New Genetic Findings In Attention Deficit Hyperactivity

March 19, 1999

Mapping susceptibility loci in attention deficit hyperactivity disorder: Preferential transmission of parental alleles at DAT1, DBH and DRD5 to affected children.

Attention Deficit Hyperactivity Disorder (ADHD) is a disorder of childhood characterized by inattention, excessive motor activity, impulsivity, and distractibility, affecting between 4% and 6% of the school-age population. ADHD is familial and twin studies estimate heritibility (h2) at 80-90%. The mode of transmission is unknown, but is likely to be due to many genes, each of small effect. The increased risk in 1st degree relatives is 5-6, suggesting that relative risks at individual loci will be small. Pharmacological and biochemical studies have suggested that dopaminergic and nor-adrenergic systems are involved. Using a sample of affected children and their parents the authors have found preferential transmission of alleles at polymorphisms at the Dopamine transporter gene (DAT1), Dopamine-b-hydroxylase (DBH) and the Dopamine D5 receptor (DRD5). The DAT1 results re-confirm and extend their previous findings for this polymorphism. Transmission of the 'associated' alleles at DAT1 and DBH is stronger in familial cases, but for DRD5, transmission is stronger in non-familial cases. Attributable fractions for DAT1, DBH and DRD5 are calculated at .08, .12 and .20 respectively.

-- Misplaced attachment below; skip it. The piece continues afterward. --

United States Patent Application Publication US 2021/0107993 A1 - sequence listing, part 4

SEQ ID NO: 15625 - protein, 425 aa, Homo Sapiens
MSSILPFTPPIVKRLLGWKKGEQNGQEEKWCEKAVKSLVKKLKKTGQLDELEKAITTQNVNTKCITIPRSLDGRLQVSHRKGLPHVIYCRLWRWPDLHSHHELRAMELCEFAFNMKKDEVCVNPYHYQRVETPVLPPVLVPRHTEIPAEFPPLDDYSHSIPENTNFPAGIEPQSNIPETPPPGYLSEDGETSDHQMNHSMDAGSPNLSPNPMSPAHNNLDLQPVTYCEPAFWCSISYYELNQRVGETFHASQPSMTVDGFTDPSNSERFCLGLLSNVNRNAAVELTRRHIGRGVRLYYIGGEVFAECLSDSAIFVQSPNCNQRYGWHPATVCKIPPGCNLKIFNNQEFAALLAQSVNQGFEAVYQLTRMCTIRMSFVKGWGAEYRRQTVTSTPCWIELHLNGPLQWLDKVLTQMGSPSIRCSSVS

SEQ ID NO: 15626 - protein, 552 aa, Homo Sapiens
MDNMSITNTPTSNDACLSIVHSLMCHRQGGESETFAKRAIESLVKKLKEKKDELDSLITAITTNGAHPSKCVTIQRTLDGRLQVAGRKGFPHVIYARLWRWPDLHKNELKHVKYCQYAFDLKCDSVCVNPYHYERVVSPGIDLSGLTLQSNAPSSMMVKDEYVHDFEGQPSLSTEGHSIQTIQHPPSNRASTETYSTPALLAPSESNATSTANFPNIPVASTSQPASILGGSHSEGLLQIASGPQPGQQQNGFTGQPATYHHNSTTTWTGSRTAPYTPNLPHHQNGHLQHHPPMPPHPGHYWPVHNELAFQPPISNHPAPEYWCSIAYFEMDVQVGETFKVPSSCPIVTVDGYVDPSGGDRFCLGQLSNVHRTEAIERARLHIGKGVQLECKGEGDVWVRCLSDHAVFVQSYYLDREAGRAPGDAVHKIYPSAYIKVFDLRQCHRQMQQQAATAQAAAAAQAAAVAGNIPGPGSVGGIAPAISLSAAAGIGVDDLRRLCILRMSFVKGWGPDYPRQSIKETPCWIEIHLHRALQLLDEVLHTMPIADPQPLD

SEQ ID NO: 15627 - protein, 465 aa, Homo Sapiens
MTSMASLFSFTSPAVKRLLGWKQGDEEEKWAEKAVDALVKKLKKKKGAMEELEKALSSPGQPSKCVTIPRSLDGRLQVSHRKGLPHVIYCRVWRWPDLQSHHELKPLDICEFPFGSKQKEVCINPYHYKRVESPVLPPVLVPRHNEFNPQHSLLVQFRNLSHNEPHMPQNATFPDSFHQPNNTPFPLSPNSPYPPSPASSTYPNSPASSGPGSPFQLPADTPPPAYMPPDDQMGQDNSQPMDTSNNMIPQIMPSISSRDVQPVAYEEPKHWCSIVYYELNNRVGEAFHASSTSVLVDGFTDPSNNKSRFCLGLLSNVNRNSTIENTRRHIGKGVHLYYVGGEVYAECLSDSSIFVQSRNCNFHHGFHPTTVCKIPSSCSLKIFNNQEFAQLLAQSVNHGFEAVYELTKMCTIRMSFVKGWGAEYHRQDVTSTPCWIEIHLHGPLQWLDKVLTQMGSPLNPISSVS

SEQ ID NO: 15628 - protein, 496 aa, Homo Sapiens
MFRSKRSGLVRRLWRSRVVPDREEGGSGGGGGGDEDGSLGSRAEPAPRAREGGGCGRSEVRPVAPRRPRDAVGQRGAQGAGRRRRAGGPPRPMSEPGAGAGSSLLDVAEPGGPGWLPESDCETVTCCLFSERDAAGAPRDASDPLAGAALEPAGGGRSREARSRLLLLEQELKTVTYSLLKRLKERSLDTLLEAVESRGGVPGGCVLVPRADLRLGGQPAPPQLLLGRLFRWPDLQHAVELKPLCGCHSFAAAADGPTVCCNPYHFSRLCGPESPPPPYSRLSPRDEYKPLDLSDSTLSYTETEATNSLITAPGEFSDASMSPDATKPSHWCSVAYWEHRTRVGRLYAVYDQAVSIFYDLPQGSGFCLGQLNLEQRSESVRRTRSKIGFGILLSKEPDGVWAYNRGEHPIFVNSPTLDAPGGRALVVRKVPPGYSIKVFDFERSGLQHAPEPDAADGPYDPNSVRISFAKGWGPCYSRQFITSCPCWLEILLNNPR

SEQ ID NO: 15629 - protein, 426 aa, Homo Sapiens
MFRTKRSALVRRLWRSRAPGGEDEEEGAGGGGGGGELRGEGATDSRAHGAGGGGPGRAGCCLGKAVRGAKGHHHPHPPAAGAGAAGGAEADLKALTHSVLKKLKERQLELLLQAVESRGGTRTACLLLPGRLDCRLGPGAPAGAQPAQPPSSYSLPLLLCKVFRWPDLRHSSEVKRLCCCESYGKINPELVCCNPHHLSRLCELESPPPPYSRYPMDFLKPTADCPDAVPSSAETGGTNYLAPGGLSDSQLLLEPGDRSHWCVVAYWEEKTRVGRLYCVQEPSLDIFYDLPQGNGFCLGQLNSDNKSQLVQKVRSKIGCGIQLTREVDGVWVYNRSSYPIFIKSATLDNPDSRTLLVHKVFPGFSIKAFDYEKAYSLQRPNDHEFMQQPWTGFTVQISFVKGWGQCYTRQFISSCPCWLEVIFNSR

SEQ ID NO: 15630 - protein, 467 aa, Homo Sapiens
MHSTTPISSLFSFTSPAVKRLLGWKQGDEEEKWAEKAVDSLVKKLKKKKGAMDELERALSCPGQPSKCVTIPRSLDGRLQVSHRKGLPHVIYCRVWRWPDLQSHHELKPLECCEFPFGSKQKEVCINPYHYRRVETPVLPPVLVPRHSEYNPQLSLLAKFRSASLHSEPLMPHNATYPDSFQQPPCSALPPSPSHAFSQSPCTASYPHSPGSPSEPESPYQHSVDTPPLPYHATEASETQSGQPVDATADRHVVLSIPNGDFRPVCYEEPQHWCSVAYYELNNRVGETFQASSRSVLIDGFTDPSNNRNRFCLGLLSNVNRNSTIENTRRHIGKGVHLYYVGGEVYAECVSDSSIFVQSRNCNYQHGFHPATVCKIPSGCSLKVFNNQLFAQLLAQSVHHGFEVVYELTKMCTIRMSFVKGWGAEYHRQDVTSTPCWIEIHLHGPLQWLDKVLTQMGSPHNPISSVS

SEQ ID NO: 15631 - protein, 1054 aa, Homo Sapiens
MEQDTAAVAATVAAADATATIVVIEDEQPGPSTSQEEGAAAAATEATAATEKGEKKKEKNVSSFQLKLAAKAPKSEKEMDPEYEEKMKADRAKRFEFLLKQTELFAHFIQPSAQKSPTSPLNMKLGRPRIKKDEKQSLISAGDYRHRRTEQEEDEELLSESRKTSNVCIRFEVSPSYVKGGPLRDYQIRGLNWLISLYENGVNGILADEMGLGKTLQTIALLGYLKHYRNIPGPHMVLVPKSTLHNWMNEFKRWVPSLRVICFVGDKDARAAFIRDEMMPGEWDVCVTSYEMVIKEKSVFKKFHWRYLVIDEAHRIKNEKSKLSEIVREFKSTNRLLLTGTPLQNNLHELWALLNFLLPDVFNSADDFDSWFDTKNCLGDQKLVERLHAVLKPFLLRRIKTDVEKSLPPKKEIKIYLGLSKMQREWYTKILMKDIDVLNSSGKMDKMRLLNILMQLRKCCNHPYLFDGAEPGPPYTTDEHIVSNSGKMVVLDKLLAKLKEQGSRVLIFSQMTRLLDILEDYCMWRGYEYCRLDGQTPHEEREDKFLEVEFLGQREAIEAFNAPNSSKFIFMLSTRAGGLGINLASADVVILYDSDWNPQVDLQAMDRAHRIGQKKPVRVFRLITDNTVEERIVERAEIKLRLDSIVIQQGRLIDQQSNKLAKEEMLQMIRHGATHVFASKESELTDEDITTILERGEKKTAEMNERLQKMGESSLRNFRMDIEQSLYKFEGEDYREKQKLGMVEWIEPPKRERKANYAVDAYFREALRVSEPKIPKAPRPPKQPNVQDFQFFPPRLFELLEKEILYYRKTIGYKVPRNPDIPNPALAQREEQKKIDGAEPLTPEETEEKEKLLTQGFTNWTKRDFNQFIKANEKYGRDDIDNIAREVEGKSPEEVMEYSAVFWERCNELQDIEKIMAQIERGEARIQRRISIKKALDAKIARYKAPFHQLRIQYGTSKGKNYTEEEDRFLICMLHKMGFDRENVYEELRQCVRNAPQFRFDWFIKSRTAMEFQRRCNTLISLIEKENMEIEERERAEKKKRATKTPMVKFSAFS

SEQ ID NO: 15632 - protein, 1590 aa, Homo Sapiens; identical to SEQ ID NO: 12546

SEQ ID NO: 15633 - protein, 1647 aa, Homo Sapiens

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For further information on this work, please contact Dr. Michael Gill, Senior Lecturer in Psychiatry, Trinity Centre for Health Sciences, St. James' Hospital, James' St., Dublin 8, Ireland, Tel: 353-1-608-2241; FAX: 353-1-608-2241; e-mail: mgill@mail.tcd.ie

Molecular Psychiatry is an independent, peer-reviewed journal published by Stockton Press-Macmillan Press. Editorial decisions and publication in Molecular Psychiatry do not constitute endorsement by the National Institute of Mental Health, the National Institutes of Health or any branch of the government of the United States of America.

Editor: Julio Licinio, M.D.; phone: 301-496-6885; FAX: 301-402-1561; e-mail: licinio@nih.gov

Pre-prints of this article can be obtained from Ms. Julie Vianello; phone: 301-496-6979; FAX: 301-402-1561; e-mail: j.vianello@stockton-press.co.uk



Molecular Psychiatry

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